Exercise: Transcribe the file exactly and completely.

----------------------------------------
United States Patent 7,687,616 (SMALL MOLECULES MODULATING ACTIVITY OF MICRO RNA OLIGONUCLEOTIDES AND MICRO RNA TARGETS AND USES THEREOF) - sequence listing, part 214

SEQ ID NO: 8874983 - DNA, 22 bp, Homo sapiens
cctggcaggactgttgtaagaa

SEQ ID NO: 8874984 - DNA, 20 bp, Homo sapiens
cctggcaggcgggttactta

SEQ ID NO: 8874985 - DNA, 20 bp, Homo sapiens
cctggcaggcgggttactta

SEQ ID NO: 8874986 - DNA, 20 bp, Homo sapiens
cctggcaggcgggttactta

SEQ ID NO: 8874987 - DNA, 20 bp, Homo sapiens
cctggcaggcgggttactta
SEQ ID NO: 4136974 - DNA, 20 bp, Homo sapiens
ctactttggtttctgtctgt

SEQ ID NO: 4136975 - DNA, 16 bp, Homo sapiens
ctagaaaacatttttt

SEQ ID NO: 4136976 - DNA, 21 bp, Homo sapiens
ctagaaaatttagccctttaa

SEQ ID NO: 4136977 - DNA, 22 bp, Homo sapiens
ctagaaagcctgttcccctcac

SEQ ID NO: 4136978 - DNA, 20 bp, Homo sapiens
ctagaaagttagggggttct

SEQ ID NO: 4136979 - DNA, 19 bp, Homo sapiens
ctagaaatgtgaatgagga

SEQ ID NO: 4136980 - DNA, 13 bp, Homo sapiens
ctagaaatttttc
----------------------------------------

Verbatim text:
United States Patent 7,687,616 (SMALL MOLECULES MODULATING ACTIVITY OF MICRO RNA OLIGONUCLEOTIDES AND MICRO RNA TARGETS AND USES THEREOF) - sequence listing, part 214

SEQ ID NO: 8874983 - DNA, 22 bp, Homo sapiens
cctggcaggactgttgtaagaa

SEQ ID NO: 8874984 - DNA, 20 bp, Homo sapiens
cctggcaggcgggttactta

SEQ ID NO: 8874985 - DNA, 20 bp, Homo sapiens
cctggcaggcgggttactta

SEQ ID NO: 8874986 - DNA, 20 bp, Homo sapiens
cctggcaggcgggttactta

SEQ ID NO: 8874987 - DNA, 20 bp, Homo sapiens
cctggcaggcgggttactta
SEQ ID NO: 4136974 - DNA, 20 bp, Homo sapiens
ctactttggtttctgtctgt

SEQ ID NO: 4136975 - DNA, 16 bp, Homo sapiens
ctagaaaacatttttt

SEQ ID NO: 4136976 - DNA, 21 bp, Homo sapiens
ctagaaaatttagccctttaa

SEQ ID NO: 4136977 - DNA, 22 bp, Homo sapiens
ctagaaagcctgttcccctcac

SEQ ID NO: 4136978 - DNA, 20 bp, Homo sapiens
ctagaaagttagggggttct

SEQ ID NO: 4136979 - DNA, 19 bp, Homo sapiens
ctagaaatgtgaatgagga

SEQ ID NO: 4136980 - DNA, 13 bp, Homo sapiens
ctagaaatttttc